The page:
Among the misconceptions we first had to correct was that Board, Staff and Volunteer time are not real overheads. Many felt that since staff salaries are fixed expenses and volunteer time requires no cash cost it is easy to think that these are not true outlays. Oh yes they are. Consider that Economics is the study of limited resources. Time is most definitely a limited resource (and non-renewable to boot). When a volunteer spends 15 hours soliciting gifts from multiple businesses for our charity auction, that’s 15 hours they could spend building a relationship with a single business which results in multiple and sustained cash gifts from them and their employees over many years.
Another mistake is to consider the fundraising event part of a campaign to inform the public about our good work. Educating the public is a good thing, but once again the enormous time and money costs of putting on an event require more concrete goals than just ‘education’. It is great if they walk away with some deeper understanding of our work, but if that does not translate into some specific policy action or a financial commitment to our bottom line then the learning is meaningless. Knowledge without deed is zero.
Is there a better way? Yes!
Create Your Pipeline Then Build Your Tribe
Stop thinking of these events in terms of raising funds and start thinking of them as raising fanatics.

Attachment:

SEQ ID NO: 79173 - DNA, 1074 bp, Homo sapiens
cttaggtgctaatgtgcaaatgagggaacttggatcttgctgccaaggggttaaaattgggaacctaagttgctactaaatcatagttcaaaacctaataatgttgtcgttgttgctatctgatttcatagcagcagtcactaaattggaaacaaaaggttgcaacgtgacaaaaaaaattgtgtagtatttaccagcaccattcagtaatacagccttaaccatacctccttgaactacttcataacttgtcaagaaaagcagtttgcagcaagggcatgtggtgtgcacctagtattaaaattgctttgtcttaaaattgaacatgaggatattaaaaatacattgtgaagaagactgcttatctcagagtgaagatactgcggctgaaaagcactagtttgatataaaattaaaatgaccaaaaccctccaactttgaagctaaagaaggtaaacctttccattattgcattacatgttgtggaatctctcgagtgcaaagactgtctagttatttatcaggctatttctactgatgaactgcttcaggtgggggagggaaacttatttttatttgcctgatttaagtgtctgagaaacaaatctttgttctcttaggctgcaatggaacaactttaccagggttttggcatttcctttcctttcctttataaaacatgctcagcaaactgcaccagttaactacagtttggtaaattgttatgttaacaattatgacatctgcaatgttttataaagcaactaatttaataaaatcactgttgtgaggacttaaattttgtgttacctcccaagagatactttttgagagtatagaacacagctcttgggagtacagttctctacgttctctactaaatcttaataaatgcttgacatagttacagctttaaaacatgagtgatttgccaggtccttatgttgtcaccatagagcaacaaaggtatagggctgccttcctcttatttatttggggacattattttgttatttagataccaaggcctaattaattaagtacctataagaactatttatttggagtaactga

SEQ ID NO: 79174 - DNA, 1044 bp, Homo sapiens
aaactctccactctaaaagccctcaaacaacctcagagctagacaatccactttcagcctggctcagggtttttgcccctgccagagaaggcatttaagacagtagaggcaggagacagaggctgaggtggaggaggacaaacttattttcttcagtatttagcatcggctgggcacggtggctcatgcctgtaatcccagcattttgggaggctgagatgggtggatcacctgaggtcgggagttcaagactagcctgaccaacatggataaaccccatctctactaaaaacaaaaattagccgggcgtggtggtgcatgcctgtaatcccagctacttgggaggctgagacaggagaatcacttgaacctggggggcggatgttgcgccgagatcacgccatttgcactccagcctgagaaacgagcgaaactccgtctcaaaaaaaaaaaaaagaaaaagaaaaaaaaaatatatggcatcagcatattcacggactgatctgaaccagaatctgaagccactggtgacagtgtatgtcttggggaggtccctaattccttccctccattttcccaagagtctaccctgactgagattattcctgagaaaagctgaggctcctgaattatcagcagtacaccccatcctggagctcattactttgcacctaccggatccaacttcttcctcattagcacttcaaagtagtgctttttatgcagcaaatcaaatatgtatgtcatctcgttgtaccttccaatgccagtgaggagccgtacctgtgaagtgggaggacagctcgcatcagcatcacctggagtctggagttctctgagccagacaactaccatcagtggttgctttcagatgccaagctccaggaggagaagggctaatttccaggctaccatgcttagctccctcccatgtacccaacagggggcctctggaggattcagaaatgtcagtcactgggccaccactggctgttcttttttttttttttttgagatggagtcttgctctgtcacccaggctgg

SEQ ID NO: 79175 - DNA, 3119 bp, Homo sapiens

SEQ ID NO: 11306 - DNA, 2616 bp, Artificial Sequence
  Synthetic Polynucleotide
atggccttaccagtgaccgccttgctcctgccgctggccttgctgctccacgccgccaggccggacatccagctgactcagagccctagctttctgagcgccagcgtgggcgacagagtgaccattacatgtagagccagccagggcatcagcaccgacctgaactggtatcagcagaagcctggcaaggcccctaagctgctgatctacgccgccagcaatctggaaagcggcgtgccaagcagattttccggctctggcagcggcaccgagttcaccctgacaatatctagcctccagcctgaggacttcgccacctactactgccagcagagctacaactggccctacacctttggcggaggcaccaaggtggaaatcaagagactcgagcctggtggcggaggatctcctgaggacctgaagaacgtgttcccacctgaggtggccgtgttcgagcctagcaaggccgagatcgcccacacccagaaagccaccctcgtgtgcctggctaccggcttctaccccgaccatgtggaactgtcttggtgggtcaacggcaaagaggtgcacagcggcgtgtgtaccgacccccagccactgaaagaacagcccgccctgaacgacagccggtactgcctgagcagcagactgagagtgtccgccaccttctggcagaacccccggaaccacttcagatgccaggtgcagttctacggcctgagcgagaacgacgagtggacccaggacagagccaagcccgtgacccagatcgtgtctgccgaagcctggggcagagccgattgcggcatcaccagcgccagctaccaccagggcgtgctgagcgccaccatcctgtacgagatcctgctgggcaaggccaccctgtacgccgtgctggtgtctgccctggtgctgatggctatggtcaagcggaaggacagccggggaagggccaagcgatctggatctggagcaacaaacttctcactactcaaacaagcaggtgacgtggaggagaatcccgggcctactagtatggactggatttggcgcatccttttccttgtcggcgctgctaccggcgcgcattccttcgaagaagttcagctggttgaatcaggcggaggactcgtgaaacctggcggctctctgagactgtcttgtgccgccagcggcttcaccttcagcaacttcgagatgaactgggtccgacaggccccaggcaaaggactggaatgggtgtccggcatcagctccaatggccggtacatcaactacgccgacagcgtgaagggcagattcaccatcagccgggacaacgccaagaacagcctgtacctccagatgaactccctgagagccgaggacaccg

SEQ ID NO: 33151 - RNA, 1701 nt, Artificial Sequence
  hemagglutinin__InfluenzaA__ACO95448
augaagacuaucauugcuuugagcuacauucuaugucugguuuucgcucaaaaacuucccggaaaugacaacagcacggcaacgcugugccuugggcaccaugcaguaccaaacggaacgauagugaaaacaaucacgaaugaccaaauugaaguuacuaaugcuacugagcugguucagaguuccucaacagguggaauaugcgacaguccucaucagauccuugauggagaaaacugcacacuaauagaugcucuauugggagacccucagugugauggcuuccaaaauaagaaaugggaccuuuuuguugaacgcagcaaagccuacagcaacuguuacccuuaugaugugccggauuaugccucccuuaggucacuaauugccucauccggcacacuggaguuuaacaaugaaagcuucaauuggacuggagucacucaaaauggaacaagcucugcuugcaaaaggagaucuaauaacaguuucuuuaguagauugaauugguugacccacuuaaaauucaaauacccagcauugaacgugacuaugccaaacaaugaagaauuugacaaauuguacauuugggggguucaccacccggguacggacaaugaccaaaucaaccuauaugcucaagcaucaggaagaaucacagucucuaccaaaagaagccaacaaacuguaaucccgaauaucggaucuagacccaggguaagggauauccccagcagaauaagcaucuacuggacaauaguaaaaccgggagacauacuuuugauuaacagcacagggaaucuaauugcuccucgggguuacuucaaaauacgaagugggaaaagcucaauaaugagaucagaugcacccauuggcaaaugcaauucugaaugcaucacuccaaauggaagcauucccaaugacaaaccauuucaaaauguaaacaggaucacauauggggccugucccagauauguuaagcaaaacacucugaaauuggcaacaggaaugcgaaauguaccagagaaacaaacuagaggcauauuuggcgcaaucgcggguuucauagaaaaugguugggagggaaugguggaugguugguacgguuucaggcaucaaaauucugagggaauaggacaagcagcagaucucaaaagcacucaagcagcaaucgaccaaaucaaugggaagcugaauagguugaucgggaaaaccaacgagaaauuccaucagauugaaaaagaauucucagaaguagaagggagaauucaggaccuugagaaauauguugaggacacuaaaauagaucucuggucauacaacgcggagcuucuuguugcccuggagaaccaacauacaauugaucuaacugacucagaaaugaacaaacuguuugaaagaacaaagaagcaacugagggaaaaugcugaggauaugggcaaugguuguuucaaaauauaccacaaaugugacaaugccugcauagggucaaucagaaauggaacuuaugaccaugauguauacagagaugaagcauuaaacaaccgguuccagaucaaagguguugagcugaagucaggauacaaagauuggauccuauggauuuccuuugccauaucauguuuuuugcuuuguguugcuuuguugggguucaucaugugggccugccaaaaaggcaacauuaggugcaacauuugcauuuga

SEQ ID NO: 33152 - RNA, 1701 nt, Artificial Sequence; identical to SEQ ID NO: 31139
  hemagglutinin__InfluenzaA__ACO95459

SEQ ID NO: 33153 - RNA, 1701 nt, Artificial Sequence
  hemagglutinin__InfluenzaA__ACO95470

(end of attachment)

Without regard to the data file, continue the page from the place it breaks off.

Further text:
Seth Godin is an entrepreneur who ruminates on marketing in the digital age. The author of several best-selling books, Godin argues that digital life has ended traditional mass communication and replaced it with an ancient human social unit, The Tribe. These are groupings of people founded on shared ideas and values. As such, tribes give ordinary people the power to lead and make big change.
In the new world, what people desire most is an opportunity to connect with one another. People like bonding with other people. It’s human nature. If we create opportunities for our current supporters to connect, they’ll open up and feel more comfortable. As they do, they’ll invite us into their lives and will introduce us to their friends. Then their friends become our family. It is at this point that we start the process of real fundraising.